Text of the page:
I’ve fooled around with cooking curries for several years now. I’m never quite content with whatever version I’ve created and inevitably tweak it somehow. Not long ago I hit on a combination that may represent my best effort yet, so I’ve decided to write this recipe down and share it.
First off, this curry contains chicken and chicken bullion, so it’s not something that vegans or vegetarians would be eating. I’ve experimented with a number of different beans and legumes, and I find toor dal to be both tasty and very well tolerated as far as avoiding the not-uncommon GI “issues” associated with many sorts of beans. Only late in life did I learn the term “pulse” along with bean and legume. Toor dal is a split pulse, and for further reading on the subject I found THIS PAGE to be quite helpful.
1. One chicken breast. I use frozen from Costco, so I thaw one breast in the refrigerator overnight.
2. 100 grams toor dal. I soak mine in water overnight, though I understand one does not have to.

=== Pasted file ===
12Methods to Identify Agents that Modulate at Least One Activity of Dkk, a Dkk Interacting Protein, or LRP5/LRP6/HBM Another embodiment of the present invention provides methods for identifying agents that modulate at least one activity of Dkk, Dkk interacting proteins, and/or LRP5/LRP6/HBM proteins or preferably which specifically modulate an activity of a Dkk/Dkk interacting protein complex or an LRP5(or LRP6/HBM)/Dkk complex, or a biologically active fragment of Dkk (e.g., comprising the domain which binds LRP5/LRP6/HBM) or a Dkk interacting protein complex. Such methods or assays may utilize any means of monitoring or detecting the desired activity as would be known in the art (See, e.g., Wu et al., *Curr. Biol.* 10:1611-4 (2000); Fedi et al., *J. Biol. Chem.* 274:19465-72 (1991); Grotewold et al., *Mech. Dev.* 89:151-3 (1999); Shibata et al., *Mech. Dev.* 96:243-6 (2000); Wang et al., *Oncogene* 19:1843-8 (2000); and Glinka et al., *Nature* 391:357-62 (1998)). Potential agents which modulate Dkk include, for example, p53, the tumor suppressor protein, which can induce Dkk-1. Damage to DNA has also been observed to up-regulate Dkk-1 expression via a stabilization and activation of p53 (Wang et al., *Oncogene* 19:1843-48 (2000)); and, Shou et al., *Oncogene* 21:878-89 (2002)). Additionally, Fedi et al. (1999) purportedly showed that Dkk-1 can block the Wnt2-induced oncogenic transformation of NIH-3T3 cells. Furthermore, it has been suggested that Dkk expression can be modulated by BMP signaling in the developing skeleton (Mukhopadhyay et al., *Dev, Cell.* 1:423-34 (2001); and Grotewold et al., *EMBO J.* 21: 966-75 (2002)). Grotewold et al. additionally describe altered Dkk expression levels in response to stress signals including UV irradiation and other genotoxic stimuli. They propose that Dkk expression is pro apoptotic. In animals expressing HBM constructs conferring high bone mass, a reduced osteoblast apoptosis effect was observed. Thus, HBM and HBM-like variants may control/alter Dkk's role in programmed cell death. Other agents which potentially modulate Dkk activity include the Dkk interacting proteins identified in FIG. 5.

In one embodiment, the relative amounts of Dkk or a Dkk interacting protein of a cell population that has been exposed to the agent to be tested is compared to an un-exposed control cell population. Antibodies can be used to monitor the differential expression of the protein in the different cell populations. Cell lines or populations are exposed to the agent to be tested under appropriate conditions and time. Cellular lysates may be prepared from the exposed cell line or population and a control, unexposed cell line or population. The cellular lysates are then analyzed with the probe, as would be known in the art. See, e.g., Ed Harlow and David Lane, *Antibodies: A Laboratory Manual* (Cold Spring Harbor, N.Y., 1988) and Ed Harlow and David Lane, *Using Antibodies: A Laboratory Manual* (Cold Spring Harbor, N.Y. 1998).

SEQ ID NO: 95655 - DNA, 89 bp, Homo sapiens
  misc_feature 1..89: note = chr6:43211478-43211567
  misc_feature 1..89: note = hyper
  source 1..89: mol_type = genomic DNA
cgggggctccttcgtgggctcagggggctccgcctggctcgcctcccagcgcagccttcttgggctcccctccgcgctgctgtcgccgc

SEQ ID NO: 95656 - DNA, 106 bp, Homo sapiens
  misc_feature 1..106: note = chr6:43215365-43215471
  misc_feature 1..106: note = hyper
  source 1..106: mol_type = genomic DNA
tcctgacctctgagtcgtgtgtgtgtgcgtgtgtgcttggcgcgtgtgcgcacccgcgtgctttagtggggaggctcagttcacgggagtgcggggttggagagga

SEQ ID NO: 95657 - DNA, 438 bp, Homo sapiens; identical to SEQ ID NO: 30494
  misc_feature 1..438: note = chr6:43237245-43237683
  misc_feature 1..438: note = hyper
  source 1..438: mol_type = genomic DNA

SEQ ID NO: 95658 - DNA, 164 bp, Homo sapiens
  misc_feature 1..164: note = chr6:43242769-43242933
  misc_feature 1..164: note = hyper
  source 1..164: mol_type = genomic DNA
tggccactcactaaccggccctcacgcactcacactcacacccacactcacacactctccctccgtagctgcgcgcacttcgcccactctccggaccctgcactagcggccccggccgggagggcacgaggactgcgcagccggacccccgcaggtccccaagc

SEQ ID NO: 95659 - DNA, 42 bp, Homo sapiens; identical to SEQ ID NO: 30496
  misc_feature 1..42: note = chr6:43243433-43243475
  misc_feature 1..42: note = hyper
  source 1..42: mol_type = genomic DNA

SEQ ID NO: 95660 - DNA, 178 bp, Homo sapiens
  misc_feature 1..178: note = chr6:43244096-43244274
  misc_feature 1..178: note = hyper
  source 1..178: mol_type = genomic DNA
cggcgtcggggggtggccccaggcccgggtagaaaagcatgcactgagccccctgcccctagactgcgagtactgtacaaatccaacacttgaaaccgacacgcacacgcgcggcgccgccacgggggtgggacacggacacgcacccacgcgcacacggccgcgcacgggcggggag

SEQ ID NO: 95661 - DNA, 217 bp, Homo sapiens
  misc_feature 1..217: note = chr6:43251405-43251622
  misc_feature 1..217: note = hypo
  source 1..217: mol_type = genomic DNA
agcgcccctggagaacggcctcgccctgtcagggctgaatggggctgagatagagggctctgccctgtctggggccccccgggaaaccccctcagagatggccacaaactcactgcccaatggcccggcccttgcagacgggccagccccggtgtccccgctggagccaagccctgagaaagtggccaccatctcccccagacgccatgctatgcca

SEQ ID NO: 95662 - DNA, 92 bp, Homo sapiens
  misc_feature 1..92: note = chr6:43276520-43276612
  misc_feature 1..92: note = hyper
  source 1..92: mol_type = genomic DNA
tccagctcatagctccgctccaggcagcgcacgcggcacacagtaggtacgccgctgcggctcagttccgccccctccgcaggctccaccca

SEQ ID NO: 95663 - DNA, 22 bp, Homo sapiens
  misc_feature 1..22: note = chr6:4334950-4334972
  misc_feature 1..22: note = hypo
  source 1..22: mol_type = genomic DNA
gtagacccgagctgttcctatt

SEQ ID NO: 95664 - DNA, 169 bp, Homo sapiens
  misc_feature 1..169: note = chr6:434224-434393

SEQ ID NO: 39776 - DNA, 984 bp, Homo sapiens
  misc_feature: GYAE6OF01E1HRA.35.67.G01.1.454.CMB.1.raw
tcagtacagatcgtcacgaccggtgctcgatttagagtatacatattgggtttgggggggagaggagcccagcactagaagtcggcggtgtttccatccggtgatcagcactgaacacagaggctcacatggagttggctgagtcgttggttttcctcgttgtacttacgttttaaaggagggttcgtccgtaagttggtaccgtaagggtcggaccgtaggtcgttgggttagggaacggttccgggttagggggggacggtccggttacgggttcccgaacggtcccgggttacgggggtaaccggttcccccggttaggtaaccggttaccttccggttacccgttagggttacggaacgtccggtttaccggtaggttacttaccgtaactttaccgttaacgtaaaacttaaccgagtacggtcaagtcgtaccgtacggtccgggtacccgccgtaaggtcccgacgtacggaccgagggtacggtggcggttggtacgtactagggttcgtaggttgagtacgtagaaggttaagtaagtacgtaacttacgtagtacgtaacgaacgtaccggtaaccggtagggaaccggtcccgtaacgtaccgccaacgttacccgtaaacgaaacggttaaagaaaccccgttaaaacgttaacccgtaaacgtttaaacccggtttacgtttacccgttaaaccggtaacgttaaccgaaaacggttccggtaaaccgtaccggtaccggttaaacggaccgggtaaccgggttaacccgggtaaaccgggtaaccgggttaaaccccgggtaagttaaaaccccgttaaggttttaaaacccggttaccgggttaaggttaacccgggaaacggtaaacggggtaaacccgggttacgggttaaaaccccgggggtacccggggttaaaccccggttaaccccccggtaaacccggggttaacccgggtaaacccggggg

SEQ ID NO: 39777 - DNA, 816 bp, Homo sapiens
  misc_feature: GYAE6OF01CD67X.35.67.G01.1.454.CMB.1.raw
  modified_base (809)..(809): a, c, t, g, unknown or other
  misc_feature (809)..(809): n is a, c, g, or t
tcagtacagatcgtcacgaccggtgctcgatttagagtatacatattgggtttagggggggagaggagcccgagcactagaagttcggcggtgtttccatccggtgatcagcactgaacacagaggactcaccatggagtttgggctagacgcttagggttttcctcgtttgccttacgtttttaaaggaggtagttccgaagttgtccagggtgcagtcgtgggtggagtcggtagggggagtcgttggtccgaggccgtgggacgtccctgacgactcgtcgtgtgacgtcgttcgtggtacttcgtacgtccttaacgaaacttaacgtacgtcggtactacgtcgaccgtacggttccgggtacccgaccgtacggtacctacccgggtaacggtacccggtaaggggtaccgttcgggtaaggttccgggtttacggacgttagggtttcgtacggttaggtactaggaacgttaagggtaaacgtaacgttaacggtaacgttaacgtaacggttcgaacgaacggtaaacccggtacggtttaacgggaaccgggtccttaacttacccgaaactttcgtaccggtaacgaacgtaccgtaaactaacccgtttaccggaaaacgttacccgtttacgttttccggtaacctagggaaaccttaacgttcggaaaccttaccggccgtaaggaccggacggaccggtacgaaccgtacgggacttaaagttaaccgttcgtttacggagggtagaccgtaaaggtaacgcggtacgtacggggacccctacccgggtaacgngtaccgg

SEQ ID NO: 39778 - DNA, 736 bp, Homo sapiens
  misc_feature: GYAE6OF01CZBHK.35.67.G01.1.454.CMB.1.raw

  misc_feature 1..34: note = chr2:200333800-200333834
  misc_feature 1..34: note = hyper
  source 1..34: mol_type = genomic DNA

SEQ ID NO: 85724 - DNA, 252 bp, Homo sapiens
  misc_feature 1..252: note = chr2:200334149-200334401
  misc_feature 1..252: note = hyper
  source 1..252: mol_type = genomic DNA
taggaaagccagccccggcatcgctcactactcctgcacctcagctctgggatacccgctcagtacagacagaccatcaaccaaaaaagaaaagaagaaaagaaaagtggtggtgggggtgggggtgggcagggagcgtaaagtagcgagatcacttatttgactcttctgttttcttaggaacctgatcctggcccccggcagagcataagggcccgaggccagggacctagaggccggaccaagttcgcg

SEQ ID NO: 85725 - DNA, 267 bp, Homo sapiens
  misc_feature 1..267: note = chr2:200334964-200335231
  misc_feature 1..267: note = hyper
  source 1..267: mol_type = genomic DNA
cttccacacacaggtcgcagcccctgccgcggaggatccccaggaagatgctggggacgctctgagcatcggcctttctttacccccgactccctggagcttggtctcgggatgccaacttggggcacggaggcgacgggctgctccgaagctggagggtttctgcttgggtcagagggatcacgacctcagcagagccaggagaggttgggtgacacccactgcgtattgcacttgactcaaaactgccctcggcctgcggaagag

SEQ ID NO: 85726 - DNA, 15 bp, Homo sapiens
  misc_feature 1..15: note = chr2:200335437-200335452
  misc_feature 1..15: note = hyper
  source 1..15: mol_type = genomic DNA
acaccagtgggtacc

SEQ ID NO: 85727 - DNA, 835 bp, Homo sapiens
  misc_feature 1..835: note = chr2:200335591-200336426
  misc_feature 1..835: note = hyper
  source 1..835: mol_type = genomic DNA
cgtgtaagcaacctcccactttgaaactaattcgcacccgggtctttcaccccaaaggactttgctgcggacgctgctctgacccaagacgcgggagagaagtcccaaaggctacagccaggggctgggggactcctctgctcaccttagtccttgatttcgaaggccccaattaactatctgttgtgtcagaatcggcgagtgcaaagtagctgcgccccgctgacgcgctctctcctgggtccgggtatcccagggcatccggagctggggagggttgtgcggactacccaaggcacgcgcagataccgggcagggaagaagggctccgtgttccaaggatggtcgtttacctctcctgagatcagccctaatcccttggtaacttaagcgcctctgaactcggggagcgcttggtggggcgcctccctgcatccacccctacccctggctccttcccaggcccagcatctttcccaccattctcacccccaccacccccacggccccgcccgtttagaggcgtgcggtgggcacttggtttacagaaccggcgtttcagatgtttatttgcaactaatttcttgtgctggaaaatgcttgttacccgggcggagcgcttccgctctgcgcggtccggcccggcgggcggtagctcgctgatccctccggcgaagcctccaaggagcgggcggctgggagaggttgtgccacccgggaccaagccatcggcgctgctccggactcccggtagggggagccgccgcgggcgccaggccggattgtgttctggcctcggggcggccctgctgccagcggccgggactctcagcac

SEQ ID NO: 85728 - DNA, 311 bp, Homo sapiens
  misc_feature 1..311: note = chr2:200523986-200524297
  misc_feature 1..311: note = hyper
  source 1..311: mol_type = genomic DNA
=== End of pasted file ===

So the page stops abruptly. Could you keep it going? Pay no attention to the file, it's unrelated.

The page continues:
3. 100 grams bulgur. I like coarse bulgur, so I usually use #4.
4. Coconut milk.
5. 4 grams Curry powder
6. 7 grams MSG
7. Two spoonfuls (about two tablespoonfuls) Chicken Bullion. I use a ~paste~ bullion, so I’m not sure how to adjust for powder or cubed bullion.
8. 4 grams Red pepper flakes.
9. One spoonful (tablespoonful) Peanut butter
10. Soy milk (0ptional)
11. One half onion, diced. (Optional)
Soak 100 grams toor dal overnight in water. Rinse well in a colander and add to a crock pot. Add 100 grams dried bulgur, curry powder, MSG, red pepper flakes, chicken bullion, and peanut butter. I consider the peanut butter to be the “secret ingredient” in this recipe. Add one half diced onion, if desired. Cut the chicken breast into small chunks, perhaps a centimeter across, and add to the crock pot. Cover with coconut milk. Cook on the lowest crock pot setting for 3 hours, stirring occasionally. If the mixture becomes too thick, feel free to add a bit of soy milk. The soy milk I use is sweetened, and as such adds a nice counterbalance to the savory nature of the curry.